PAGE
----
Local agencies that serve the homeless are bracing for a challenging start to the new year.
The $900 billion congressional stimulus bill that President Donald Trump signed into law on Dec. 27 provides enhanced unemployment benefits until March 14 and extends a moratorium on evictions through January 31. When these relief packages end, many Kansas City non-profits expect to see another jump in the number of people who need help staying in their homes.
The problem is exacerbated as Congress is focused on impeachment this week instead of passing legislation to support at-risk communities.
“We saw a 26 percent increase pretty much instantly because of all those people affected by job shortages and furloughs,” Jaysen Van Sickle, CEO of the Hope Faith Homeless Assistance Campus in Kansas City says.
Sean O’Byrne, vice president of the Downtown Council of Kansas City, tried to start a homeless encampment in northeast Kansas City. O’Byrne said homelessness is a top concern of the council, because pandemic-related limits on the library and public spaces have left few places for people to go for restrooms and to get warm.
“After the snow, we found people under tarps under an inch of snow sleeping next to the highway,” he said in December. “I think that’s a call to action, because it’s incumbent upon us to not allow our citizens to commit slow suicide, in the public right of way.”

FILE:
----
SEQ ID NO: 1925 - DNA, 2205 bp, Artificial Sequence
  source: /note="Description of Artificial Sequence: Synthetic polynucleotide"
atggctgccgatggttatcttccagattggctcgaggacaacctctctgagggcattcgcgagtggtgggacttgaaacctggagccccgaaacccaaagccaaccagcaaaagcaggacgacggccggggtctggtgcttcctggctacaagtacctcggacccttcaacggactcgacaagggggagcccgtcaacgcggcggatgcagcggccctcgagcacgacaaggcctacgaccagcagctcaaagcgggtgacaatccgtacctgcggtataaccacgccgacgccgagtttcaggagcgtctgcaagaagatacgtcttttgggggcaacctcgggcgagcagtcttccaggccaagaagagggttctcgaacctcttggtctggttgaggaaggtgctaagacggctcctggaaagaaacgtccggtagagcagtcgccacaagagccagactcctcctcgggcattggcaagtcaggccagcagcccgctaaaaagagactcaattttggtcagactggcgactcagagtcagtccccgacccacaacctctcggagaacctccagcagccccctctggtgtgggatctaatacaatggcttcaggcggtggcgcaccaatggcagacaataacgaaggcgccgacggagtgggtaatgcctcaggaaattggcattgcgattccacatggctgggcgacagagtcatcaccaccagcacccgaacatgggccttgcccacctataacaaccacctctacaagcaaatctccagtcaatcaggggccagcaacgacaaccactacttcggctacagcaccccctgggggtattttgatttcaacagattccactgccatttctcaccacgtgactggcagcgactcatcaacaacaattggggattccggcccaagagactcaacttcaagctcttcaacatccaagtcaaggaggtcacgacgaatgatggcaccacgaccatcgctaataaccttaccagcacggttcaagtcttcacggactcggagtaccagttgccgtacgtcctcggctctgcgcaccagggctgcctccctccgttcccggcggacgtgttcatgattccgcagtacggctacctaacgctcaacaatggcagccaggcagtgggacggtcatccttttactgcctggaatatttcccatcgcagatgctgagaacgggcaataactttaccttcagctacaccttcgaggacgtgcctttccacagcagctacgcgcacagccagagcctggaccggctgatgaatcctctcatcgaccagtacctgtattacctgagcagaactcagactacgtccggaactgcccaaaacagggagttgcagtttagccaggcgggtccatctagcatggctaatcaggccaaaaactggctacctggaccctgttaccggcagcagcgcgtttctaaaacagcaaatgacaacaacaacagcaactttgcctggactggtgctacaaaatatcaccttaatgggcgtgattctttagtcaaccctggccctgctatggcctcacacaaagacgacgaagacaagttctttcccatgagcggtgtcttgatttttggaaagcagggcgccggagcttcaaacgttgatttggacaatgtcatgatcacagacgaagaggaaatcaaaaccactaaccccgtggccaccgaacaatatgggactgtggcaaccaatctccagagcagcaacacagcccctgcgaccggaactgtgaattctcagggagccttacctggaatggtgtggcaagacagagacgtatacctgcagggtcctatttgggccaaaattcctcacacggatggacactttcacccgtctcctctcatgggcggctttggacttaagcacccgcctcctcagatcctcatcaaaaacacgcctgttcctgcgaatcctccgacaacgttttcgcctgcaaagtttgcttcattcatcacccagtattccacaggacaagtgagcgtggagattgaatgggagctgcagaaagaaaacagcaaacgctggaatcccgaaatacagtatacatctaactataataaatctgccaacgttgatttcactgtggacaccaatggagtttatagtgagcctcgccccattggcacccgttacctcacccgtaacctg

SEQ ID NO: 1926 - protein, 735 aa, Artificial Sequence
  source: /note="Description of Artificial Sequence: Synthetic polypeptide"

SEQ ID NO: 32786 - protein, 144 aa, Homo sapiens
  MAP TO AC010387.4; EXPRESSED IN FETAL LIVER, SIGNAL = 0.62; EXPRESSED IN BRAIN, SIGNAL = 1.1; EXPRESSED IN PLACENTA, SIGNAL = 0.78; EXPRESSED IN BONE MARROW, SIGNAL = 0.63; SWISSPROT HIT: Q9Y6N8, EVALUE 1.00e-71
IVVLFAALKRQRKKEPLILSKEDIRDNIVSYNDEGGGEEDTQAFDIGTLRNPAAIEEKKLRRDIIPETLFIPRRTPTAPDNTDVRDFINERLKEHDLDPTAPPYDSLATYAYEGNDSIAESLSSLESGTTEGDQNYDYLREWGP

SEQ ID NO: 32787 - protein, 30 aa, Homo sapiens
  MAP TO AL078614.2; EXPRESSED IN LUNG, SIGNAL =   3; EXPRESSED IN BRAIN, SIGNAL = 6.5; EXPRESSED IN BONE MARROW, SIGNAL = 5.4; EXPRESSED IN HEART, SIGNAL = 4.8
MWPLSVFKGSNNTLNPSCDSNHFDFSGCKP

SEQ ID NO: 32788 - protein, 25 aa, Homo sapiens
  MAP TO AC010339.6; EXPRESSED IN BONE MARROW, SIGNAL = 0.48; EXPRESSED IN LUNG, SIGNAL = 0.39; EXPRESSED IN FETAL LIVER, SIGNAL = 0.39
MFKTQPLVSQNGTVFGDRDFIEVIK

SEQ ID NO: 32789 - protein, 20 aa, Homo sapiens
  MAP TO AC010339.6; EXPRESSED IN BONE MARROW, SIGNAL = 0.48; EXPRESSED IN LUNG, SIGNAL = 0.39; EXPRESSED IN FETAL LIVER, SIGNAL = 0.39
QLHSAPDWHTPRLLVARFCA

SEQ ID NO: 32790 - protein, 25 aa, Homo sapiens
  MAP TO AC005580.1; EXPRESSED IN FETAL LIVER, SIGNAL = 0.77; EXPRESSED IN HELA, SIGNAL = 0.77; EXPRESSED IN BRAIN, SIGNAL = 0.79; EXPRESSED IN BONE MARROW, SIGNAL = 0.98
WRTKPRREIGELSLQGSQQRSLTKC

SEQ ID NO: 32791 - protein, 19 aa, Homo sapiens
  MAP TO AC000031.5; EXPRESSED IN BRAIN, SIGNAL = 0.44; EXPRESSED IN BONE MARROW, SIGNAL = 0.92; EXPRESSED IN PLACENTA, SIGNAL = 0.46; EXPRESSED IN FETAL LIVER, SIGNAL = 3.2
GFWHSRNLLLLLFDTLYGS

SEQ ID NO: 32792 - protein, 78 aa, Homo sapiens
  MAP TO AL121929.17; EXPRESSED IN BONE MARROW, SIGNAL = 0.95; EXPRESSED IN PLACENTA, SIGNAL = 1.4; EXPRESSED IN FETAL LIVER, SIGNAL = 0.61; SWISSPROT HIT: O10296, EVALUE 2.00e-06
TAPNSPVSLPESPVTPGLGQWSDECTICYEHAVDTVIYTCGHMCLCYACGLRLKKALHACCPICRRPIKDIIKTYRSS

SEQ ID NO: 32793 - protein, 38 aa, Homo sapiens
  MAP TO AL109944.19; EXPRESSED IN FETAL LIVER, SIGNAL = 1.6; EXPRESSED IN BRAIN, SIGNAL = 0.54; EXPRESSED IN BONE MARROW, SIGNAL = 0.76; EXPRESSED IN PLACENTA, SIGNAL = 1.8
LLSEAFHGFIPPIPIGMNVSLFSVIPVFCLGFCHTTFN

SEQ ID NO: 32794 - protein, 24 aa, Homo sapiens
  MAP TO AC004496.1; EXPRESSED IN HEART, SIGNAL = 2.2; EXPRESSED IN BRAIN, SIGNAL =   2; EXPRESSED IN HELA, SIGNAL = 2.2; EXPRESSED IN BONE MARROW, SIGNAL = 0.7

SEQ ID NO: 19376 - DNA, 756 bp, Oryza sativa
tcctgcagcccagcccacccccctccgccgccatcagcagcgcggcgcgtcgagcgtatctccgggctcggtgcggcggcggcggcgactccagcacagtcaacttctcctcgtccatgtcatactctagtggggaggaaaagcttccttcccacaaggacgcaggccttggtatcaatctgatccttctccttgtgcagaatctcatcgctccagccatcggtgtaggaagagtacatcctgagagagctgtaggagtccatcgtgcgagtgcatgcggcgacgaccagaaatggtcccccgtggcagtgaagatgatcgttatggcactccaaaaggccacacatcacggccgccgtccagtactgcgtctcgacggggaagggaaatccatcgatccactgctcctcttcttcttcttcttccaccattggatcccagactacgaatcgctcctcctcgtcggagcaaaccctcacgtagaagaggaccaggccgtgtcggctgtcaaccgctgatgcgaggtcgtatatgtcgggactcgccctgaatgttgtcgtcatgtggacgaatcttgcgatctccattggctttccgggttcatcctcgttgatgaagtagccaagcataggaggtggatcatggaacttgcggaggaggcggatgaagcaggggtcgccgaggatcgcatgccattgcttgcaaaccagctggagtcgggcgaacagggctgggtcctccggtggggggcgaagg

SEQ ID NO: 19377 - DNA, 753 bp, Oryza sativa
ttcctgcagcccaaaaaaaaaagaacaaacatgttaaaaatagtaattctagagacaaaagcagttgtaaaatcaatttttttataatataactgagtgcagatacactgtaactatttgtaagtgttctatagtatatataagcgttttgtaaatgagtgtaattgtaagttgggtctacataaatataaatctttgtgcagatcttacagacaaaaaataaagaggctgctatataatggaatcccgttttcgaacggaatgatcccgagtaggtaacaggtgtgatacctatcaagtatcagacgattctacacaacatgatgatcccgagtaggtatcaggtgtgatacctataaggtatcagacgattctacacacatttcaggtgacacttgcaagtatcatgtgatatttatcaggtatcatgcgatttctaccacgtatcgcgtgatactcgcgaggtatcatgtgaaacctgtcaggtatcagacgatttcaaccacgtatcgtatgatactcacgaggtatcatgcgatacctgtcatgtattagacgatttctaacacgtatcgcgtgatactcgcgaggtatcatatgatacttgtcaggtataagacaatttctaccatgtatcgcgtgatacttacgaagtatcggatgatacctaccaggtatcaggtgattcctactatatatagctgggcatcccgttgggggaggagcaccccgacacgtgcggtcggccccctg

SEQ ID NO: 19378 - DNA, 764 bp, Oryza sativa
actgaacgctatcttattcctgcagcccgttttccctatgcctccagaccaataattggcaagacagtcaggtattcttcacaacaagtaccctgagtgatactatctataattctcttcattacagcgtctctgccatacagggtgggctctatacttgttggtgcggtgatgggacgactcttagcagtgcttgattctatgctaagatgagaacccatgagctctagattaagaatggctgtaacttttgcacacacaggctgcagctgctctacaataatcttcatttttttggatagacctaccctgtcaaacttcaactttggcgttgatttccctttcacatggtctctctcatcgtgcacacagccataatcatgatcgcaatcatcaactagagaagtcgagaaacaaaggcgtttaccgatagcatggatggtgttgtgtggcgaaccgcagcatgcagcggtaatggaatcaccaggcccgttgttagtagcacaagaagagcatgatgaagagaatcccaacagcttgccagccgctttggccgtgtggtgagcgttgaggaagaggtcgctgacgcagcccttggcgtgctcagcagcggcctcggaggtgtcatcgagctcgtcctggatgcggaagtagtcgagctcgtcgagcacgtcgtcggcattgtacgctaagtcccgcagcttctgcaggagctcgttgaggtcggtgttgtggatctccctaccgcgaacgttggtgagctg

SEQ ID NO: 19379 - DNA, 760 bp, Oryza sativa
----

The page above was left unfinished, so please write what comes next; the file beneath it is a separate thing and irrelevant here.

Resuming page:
He said nearby residents should have been brought into the conversation before the idea went public. Pushback from the neighborhood eventually caused the idea for his first choice of locations to be dropped, though O’Byrne hopes another spot can be found.
Terry Megli, CEO of City Union Mission, said he disagrees with the tent city philosophy. The camps may meet temporary needs, but “they may keep people enabled into homelessness,” he said. “It’s better to build relationships with the unhomed and help them find permanent shelter, where they don’t have to worry about the tent collapsing.”
In a way, Hope Faith already is doing that, with its string of tents providing counseling, medical and other services for people who no longer have a permanent address. The group has blocked off the street for tents to offer these services safely and soon will open its warehouse for a warming area, Van Sickle said.
Hope Faith and the Greater Kansas City Coalition to End Homelessness are talking about getting together to create a comprehensive program to connect people with resources they need to prevent them from losing a place to live.
There’s no denying the need for a solution, Megli said. City Union Mission’s family center usually is full, and his organization is seeing more people who recently have lost jobs. With the economic repercussions of the pandemic on people’s minds, it may be time for big ideas and innovation, some community service leaders say. O’Byrne suggests a “czar” to coordinate efforts among nonprofits.
–Dwight Widaman | Metro Voice